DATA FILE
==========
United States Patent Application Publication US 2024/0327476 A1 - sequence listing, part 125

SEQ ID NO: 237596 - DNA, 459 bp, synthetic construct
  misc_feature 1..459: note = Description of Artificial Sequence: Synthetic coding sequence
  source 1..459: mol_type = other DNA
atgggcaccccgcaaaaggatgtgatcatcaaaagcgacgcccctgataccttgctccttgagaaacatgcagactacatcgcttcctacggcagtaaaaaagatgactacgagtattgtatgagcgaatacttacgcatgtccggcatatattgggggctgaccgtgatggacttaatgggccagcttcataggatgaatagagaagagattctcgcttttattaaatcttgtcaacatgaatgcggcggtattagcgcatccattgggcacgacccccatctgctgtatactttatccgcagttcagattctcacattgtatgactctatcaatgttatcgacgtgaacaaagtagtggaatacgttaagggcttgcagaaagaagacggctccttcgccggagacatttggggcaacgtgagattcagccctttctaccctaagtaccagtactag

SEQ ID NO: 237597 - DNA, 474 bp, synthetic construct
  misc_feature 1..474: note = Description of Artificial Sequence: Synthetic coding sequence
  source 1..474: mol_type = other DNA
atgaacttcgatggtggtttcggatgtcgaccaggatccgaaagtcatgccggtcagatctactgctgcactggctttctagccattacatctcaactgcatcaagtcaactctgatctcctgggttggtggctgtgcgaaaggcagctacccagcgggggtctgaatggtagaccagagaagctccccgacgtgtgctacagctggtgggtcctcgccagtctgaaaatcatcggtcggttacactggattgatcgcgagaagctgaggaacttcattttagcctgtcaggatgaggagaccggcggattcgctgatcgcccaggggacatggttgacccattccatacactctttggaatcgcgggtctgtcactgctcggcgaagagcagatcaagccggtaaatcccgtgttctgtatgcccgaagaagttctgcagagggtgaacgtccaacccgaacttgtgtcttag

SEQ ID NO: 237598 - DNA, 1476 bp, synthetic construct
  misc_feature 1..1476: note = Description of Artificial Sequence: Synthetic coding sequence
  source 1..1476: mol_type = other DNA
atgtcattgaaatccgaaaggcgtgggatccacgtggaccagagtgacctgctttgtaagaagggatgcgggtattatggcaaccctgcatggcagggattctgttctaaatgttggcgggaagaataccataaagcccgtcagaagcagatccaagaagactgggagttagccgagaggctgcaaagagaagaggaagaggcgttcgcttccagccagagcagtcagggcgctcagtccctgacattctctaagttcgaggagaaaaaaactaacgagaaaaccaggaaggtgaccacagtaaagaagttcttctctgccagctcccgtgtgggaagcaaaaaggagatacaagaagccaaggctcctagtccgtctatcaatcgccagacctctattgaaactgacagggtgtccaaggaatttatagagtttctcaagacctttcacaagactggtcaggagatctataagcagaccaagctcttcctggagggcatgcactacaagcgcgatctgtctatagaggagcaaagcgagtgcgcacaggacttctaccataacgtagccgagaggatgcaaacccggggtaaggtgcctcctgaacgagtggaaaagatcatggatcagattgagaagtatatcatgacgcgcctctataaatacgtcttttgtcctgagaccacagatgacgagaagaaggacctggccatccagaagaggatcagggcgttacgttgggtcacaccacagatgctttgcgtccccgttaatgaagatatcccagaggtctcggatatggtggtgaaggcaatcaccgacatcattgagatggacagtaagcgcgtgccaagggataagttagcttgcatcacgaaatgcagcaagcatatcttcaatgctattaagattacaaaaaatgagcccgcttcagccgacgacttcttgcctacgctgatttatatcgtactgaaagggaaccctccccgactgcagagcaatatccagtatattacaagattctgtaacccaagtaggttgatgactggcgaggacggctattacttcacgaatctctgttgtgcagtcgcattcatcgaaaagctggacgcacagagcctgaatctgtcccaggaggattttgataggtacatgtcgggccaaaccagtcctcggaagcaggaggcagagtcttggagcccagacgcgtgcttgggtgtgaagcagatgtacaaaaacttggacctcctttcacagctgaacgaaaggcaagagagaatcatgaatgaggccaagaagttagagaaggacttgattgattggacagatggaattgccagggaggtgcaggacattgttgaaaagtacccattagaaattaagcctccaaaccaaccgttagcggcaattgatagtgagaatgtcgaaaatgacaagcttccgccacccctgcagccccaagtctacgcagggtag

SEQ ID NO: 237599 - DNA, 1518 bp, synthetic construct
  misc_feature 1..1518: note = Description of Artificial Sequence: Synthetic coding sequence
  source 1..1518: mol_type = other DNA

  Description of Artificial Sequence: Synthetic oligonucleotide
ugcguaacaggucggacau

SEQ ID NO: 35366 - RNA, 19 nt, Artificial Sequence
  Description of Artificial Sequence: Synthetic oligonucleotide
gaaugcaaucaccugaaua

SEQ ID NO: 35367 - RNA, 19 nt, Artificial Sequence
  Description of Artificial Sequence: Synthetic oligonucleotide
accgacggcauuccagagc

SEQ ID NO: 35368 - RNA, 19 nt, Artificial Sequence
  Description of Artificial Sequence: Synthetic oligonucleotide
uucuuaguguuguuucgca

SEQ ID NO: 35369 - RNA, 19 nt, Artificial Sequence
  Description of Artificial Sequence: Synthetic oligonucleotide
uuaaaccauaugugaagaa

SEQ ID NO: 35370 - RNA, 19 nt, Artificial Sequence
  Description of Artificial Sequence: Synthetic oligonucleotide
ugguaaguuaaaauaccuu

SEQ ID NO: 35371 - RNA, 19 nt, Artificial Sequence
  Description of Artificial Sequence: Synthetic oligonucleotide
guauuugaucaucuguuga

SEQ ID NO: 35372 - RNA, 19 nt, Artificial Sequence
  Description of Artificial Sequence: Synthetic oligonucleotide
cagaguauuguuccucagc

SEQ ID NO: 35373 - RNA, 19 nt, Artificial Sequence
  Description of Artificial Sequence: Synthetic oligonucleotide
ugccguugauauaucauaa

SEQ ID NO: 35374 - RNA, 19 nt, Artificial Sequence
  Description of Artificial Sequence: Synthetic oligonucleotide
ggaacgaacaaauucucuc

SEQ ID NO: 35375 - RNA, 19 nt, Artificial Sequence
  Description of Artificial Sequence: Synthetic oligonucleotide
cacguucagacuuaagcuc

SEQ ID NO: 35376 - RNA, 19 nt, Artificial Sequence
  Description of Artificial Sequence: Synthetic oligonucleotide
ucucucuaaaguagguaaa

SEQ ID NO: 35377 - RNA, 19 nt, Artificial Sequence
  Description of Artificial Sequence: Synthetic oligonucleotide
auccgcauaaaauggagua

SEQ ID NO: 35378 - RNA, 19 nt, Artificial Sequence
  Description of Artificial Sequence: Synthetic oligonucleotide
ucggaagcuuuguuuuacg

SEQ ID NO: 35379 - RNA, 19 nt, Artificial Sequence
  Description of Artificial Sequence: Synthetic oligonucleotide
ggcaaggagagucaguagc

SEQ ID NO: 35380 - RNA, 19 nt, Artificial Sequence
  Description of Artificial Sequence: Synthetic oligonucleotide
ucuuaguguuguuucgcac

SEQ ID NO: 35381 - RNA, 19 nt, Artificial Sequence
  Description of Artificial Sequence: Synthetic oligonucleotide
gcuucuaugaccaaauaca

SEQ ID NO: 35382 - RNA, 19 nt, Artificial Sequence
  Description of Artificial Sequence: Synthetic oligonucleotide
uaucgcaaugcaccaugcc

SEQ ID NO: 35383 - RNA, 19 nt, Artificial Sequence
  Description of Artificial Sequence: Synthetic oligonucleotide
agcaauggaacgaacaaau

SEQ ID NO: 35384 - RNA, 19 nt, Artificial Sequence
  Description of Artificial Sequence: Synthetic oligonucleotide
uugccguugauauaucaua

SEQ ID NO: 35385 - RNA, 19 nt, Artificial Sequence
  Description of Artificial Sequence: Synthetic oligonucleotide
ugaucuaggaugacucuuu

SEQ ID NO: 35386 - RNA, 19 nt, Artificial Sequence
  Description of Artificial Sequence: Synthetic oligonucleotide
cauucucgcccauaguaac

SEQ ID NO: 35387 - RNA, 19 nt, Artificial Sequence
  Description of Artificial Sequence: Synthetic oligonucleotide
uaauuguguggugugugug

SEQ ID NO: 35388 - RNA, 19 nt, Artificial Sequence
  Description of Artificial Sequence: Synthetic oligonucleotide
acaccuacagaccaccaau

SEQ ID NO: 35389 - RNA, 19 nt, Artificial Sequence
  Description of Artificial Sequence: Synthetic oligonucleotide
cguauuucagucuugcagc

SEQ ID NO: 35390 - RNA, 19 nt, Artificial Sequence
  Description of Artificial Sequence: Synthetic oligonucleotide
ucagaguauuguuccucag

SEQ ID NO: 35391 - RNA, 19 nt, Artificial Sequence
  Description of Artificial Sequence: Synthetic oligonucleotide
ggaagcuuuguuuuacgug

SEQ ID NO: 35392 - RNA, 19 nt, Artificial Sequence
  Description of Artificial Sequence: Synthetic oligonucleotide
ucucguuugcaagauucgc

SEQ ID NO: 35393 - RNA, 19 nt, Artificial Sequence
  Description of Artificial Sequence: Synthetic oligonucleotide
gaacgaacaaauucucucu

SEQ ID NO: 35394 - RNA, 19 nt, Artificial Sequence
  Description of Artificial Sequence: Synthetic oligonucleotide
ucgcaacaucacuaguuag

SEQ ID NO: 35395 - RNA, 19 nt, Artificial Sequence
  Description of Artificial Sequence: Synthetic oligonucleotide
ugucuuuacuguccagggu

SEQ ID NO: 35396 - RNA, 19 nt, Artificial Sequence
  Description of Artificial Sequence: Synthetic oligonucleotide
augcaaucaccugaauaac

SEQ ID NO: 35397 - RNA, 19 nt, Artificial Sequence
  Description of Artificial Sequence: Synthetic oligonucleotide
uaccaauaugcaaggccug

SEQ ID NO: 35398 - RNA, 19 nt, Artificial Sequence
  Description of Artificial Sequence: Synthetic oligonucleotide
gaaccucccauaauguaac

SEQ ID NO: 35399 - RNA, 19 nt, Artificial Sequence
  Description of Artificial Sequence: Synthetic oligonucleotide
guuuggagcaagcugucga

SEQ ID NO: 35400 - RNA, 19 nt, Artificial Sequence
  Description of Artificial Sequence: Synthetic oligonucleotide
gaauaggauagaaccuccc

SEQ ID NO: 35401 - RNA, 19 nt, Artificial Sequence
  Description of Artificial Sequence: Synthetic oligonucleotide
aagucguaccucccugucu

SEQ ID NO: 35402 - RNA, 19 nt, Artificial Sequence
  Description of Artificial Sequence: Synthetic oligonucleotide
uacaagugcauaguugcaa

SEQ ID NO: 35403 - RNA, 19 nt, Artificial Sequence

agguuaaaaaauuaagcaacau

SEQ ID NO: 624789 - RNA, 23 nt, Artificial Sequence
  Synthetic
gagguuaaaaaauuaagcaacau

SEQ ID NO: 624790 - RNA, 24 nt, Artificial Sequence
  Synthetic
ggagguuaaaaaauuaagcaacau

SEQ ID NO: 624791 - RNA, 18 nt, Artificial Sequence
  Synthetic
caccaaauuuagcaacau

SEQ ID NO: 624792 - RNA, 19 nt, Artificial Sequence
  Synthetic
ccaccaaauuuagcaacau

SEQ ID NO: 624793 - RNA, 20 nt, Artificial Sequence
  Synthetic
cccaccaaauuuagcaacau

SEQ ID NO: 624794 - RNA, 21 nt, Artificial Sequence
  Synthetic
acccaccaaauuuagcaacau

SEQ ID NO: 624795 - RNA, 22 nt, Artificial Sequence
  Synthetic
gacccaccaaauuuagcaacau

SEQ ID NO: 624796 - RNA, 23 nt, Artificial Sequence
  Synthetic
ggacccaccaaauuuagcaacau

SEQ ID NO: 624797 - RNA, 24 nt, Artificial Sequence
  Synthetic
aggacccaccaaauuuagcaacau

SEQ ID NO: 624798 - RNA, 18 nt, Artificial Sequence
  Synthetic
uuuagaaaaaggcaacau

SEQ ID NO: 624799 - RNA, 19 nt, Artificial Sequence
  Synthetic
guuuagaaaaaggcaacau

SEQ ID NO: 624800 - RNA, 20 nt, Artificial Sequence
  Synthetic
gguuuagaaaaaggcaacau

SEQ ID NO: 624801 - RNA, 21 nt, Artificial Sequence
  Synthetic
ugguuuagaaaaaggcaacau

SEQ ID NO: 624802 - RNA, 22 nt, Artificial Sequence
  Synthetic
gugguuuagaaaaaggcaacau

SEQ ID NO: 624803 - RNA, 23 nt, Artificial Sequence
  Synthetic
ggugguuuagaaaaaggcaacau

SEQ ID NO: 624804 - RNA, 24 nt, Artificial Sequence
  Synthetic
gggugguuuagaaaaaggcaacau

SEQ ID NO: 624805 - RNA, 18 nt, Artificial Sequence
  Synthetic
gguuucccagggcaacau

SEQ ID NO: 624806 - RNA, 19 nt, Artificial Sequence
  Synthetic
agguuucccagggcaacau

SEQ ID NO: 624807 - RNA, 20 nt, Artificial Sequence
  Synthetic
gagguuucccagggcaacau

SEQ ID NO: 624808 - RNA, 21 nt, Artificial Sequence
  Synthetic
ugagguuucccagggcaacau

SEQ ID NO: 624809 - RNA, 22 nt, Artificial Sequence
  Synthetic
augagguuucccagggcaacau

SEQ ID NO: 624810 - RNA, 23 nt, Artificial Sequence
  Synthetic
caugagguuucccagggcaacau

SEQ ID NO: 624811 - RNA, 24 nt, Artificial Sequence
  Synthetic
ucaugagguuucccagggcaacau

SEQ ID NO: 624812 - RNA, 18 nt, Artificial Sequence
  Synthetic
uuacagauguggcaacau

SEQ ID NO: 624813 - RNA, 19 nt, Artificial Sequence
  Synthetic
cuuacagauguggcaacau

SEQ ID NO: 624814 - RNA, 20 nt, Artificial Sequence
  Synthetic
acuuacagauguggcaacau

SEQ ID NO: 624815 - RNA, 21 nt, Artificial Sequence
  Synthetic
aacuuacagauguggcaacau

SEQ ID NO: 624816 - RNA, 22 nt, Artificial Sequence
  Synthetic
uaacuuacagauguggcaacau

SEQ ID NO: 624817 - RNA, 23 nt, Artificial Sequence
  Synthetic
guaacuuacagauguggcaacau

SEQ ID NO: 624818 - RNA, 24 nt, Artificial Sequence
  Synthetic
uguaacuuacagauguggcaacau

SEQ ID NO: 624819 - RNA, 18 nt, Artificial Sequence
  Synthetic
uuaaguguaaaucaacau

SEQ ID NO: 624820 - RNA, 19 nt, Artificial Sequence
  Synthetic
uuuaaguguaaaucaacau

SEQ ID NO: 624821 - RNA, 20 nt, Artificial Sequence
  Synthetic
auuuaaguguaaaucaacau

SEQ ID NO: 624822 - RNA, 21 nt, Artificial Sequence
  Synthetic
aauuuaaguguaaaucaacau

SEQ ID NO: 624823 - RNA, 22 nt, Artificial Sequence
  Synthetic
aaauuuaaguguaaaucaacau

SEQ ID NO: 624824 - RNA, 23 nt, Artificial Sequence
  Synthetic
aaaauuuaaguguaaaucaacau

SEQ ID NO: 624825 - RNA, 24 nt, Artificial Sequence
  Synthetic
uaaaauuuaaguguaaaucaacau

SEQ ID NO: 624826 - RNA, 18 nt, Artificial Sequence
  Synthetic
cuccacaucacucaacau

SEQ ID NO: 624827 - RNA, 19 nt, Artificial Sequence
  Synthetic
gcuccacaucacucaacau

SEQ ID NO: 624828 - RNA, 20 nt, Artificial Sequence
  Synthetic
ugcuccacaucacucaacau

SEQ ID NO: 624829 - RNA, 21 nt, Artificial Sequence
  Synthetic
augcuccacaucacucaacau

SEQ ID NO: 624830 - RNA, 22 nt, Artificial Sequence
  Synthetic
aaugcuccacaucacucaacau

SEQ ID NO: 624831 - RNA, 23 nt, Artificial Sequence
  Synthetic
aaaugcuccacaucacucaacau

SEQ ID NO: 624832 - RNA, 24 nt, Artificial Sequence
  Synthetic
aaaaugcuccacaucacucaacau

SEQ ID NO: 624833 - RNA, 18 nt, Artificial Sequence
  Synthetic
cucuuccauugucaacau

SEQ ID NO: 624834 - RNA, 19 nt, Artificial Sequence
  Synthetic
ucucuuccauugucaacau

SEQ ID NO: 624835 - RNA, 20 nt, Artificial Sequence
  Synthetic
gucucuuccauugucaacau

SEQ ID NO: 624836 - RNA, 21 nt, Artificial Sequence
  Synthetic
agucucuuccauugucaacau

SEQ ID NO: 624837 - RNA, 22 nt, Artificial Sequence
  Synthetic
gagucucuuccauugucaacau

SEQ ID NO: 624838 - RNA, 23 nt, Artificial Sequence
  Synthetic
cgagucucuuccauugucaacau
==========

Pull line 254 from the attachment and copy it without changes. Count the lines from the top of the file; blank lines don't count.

augcuccacaucacucaacau